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Expanding irrigation facilities for food production

By Femi Ibirogba, Head, Agro-Economy
27 August 2020   |   4:14 am
Nigeria’s farm irrigation capacity of less five per cent of the arable farmland is too insignificant for a country of over 200 million people...

Irrigated farms

Nigeria’s farm irrigation capacity of less five per cent of the arable farmland is too insignificant for a country of over 200 million people, and climate change has made nonsense of reliance on rain-fed agricultural system that is practised, despite natural water bodies that could be developed into irrigation dams.

In the last two months, drought (dry spell) has stunted crops even in the rain forest ecologies, affirming the calls of Nigerians for massive investments in dams and other farm infrastructure that could really bring a revolution in dry season farming.

Presenting his one-year scorecards as a minister of Federal Ministry of Water Resources, Mr Suleiman Adamu said for optimal utilisation of River Basin Development Agency’s land and irrigation facilities and to support diversification of the economy, guarantee food security and job creation for Nigerians, the ministry is expanding hectares for irrigation at Ejule-Ojebe (50 ha); sector 1 of Gari irrigation project (248ha); Bakalori irrigation scheme (4,825ha); Kano River irrigation scheme (1,600ha); Hadejia Valley irrigation scheme (2,250ha); rehabilitation of Duku-Lade irrigation project (800h).

Adamu disclosed that additional 2,000 hectares of land had been leased out to commercial farmers, bringing the total to 55,000 hectares from 2016 till date.

However, an advocate of irrigation facilities and Regional Coordinator, Africa Rice Centre, IITA, Ibadan, Dr Francis Nwilene, said the Federal Government should devote more resources to the construction of farm irrigation facilities and dams as the number of dams available is unacceptable when the government claims to have a green alternative policy to diversify the economy.

Rice production, Nwilene said, is hampered because the country depends too much on rain-fed agriculture, a system that has been disrupted and aggravated by global warming and erratic rainfall patterns.

He argued that irrigation dams of the Federal Government should be spread across the country, not limited to the northern zones alone, for rice production could be done two or three times yearly with adequate irrigation facilities in other zones. He urged southern governors to complement the ministry’s work through partnership to develop and expand river basins facilities for maximum food production.

A rice processor and lease operator at a basin facility in Kogi State, Mr Afiz Oladejo, said because rice is a water-loving crop, inability of the country to invest massively in irrigation facilities accounts for high cost of paddies and finished rice, making the price uncompetitive. He too urged the government to shift attention from rain-fed farming and build up irrigation facilities to really make Nigeria rice-sufficient.

On this, the minister said River Basin Development Authorities (RBDAs) remain the most strategically placed Federal Government agencies to facilitate national food security and support employment opportunities.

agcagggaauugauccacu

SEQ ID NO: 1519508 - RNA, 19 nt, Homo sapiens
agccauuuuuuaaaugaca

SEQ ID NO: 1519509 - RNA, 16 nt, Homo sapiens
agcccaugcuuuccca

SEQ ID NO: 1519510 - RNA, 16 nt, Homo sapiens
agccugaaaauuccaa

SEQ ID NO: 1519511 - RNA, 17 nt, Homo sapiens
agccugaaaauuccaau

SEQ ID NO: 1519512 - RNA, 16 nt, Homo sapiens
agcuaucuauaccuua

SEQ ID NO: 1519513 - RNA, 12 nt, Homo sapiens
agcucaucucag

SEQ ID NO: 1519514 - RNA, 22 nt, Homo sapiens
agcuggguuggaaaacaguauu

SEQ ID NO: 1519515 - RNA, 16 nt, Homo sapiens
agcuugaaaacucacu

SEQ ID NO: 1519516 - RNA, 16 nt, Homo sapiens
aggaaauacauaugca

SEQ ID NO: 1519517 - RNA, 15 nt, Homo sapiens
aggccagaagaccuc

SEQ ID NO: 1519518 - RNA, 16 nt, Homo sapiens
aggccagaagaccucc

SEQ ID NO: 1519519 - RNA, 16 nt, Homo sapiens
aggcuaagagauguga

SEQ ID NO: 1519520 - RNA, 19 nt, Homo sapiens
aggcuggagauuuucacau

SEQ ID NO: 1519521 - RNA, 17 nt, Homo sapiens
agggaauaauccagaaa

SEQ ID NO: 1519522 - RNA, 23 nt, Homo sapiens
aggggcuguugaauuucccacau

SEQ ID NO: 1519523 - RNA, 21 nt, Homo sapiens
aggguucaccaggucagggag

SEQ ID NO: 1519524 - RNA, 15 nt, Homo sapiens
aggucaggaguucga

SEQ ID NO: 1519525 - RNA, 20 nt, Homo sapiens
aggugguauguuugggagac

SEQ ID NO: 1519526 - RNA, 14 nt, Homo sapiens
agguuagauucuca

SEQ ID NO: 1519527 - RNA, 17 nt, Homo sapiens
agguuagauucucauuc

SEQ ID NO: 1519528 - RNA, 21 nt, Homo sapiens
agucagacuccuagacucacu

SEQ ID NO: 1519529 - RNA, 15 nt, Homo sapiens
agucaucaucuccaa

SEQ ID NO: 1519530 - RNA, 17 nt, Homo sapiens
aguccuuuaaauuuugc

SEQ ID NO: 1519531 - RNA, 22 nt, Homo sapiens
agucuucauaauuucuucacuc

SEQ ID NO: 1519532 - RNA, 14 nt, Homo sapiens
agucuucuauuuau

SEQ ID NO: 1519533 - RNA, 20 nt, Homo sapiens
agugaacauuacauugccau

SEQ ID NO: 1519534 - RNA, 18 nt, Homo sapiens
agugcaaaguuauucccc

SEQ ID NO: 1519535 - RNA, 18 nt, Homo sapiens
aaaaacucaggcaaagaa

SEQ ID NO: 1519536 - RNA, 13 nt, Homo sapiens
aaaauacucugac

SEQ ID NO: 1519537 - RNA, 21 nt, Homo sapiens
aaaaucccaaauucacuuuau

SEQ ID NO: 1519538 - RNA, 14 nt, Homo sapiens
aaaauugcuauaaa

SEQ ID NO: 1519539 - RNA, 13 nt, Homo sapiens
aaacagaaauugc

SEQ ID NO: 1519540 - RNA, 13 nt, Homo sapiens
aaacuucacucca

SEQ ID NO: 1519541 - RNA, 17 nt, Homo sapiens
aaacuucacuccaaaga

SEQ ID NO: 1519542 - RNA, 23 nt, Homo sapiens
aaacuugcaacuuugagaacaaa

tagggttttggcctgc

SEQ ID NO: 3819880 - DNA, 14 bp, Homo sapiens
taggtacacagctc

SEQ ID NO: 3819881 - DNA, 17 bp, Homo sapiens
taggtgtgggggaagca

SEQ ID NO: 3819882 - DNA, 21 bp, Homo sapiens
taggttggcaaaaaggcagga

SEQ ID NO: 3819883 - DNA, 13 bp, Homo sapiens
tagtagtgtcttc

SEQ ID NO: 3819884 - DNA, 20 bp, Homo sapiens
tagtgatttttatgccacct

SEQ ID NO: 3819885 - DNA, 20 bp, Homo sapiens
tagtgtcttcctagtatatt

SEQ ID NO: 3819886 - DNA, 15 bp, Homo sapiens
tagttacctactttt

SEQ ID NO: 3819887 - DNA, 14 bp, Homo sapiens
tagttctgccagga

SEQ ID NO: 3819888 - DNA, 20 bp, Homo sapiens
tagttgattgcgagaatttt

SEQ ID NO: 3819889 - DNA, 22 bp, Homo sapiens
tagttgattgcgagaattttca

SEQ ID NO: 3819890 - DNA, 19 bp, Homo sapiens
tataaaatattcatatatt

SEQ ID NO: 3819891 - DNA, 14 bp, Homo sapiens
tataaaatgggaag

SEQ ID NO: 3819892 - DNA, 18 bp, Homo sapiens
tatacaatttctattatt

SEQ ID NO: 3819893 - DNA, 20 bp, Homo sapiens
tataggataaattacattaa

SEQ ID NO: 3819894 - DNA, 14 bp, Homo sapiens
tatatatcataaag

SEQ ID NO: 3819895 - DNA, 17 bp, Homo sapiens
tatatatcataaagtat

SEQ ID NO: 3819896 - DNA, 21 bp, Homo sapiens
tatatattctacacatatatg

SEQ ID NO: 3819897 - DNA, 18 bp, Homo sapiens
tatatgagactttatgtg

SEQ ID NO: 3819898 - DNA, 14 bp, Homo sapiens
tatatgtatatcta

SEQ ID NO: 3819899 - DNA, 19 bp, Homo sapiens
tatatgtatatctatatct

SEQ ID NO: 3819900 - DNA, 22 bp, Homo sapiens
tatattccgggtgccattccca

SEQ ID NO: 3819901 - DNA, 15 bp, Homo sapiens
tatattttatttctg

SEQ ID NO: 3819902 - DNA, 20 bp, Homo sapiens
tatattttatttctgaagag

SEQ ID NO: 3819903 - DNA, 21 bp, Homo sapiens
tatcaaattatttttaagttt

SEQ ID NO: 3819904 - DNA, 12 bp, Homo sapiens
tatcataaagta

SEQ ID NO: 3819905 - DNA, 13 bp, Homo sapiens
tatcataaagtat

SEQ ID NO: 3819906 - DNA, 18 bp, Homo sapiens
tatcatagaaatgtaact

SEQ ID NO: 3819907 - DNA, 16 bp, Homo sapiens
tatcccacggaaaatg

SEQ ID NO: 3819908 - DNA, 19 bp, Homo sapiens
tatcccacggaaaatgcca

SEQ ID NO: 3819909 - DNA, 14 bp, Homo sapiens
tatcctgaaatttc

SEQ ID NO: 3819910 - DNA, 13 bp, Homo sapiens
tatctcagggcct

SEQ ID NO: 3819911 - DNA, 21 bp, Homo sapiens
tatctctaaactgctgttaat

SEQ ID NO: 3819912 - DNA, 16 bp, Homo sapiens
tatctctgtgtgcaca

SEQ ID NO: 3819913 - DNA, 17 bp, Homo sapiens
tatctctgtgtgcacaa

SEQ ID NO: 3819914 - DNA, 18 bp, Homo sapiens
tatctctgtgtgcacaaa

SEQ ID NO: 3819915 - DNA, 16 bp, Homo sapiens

“Therefore, the RBDAs are being constantly revitalised to deliver their mandate. To this end, the Songhai Model, an integrated agricultural practice introduced to boost production and achieve integrated rural development, commenced in 2015 and has been replicated in five RBDAs.

“To date, 253 farmlands have been leased to the private sector for commercial farming, out of which 181 are fully utilised. Also, the process of partial commercialisation of four pilot RBDAs namely: Ogun-Osun, Niger-Delta, Upper Niger and Sokoto-Rima is underway,” a statement from the minister said.

Similarly, the ministry explained that the Programme for the Integrated Development and Climate Change Adaptation in the Niger Basin (PIDACC/NB), a multi-sectoral programme involving ministries of Agriculture and Environment, has the overall objective of contributing to improving the resilience of the Niger River’s ecosystems and populations through sustainable management of natural resources.

This programme, with a lifespan of six-years (2019-2024), he said, would be implemented in four geo-political zones, namely North East, North West, North Central and the South East located in the catchment areas of the Sokoto-Rima RBDA, Upper Niger RBDA, Upper Benue RBDA and Anambra-Imo RBDA, with an estimated population of 40,760,996 inhabitants.

Direct beneficiaries of this programme, as the minister explained, would “include smallholder farmers and vulnerable groups (women and young people).”

Currently, the water ministry collaborates with the Central Bank of Nigeria to utilise up to one million hectares of RBDA land in expanding the Anchor Borrowers’ Programme, according to a statement made available by the Director of Information, Mrs Offie Kenechukwu.

“Ministry champions women empowerment through their participation in irrigated agriculture. Programmes geared towards this have been completed in Bokwairi, Borno State and is 90 per cent complete in Adare, Sokoto State,” the statement said.

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